Take the time to review contract terms, pay applications, invoices and all other documentation of the transaction to ensure proper taxation. It is a good practice to have large dollar items and large volumes of small dollar transactions reviewed. Interim reviews or project reviews are imperative until your accounting team is confident about applicable sales and use tax.


    Auditors look to contracts to determine the scope of work performed. The contract should draw a clear picture of what is being purchased and payment terms. If contract terms are vague, an auditor has the discretion to look at all circumstances and make a determination based on the evidence presented. If you want the auditor to reach a certain conclusion, document the transaction in such a way that the desired conclusion is the only reasonable one available. It boils down to documentation. Make sure the documentation is clear and brief. If documents are made a part of the contract, ensure all of those documents paint the same picture as the main contract. Documents, such as invoices, pay applications, plans, change orders, etc. can be made part of contracts. If these items are part of the contract, each item will directly impact the tax treatment.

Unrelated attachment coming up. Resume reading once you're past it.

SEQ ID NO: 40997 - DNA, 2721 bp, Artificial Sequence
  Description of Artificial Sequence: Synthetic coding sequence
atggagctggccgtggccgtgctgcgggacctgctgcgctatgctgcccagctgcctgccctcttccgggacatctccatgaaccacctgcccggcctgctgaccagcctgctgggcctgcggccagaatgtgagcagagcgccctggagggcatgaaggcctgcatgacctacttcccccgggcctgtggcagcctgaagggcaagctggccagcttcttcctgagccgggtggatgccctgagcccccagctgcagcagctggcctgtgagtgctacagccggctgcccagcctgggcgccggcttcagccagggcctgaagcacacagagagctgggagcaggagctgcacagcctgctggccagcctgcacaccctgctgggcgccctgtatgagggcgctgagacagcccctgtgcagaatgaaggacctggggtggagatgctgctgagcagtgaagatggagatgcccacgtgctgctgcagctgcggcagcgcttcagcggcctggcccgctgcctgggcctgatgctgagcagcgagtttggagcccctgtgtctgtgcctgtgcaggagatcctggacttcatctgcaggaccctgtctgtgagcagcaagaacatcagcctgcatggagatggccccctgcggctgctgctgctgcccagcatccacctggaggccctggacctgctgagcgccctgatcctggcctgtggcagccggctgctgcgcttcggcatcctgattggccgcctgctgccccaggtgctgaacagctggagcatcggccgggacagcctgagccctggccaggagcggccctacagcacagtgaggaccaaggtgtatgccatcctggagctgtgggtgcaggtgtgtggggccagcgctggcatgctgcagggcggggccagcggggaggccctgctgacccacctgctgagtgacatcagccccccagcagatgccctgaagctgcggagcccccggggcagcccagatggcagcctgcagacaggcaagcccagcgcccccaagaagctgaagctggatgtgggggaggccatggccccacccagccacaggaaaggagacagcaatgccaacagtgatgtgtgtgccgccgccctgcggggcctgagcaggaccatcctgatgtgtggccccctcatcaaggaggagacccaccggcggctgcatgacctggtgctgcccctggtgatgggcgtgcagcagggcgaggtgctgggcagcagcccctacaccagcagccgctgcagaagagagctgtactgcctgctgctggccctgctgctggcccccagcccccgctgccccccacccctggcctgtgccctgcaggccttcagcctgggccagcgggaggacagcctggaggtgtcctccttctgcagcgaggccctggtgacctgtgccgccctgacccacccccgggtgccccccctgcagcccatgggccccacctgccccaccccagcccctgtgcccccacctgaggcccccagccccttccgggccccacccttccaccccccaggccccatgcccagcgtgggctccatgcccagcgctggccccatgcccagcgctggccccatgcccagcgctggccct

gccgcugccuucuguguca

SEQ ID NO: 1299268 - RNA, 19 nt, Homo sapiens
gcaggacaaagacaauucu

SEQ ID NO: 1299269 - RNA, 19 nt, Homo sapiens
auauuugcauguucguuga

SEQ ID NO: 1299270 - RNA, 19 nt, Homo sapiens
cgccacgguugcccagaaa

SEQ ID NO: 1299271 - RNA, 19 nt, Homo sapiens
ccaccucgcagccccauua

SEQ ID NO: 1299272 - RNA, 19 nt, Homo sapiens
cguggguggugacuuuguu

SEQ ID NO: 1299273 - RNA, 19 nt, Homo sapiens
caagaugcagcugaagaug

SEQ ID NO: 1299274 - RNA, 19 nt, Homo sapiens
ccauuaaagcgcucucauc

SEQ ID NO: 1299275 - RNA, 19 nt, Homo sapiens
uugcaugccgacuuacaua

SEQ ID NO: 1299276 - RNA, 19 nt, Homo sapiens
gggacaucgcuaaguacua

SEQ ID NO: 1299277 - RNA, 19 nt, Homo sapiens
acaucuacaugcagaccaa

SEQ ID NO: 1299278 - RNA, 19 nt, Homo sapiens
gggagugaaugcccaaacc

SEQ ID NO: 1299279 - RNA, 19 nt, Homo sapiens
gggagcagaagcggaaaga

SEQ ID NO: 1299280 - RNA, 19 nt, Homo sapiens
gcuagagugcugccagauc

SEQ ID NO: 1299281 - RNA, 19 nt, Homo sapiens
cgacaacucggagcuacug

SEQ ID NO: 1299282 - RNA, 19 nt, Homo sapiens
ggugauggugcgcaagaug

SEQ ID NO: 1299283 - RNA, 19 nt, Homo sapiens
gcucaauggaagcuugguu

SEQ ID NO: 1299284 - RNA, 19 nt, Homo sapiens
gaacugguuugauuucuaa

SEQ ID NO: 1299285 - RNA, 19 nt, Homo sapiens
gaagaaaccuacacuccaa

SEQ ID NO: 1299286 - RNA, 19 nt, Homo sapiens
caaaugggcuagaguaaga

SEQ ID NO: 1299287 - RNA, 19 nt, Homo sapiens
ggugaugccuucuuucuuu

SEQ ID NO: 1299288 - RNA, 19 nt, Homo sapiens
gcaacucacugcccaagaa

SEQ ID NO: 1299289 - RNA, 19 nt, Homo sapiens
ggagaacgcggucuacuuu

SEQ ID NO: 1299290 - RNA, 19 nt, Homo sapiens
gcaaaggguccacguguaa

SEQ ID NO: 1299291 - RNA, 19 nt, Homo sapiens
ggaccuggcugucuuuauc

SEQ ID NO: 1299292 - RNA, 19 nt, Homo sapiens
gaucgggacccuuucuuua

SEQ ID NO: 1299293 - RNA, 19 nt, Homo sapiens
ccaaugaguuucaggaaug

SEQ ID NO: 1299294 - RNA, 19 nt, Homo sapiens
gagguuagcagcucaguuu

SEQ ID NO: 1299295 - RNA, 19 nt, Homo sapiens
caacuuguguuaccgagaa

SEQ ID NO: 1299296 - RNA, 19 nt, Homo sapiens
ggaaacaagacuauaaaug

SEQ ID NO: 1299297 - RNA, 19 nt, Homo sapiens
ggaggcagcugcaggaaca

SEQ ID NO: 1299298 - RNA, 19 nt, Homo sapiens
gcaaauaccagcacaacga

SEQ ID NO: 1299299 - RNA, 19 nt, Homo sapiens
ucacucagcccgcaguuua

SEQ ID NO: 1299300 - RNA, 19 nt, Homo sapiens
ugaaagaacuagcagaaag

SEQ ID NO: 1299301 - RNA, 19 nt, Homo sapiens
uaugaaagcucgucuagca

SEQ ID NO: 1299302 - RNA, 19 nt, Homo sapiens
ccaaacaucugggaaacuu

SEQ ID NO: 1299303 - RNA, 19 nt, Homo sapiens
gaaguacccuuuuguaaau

Don’t rely on an auditor to reason that the transaction is not taxable if all documents do not support that conclusion. The auditor may not reach that conclusion. And, again, the taxpayer may have the burden of proving the audit is incorrect. It is an expensive, time-consuming proposition.


    Sometimes tax is due on part of a transaction that is not anticipated by the taxpayer. There are two common errors that taxpayers make that can result in the legitimate levy of tax: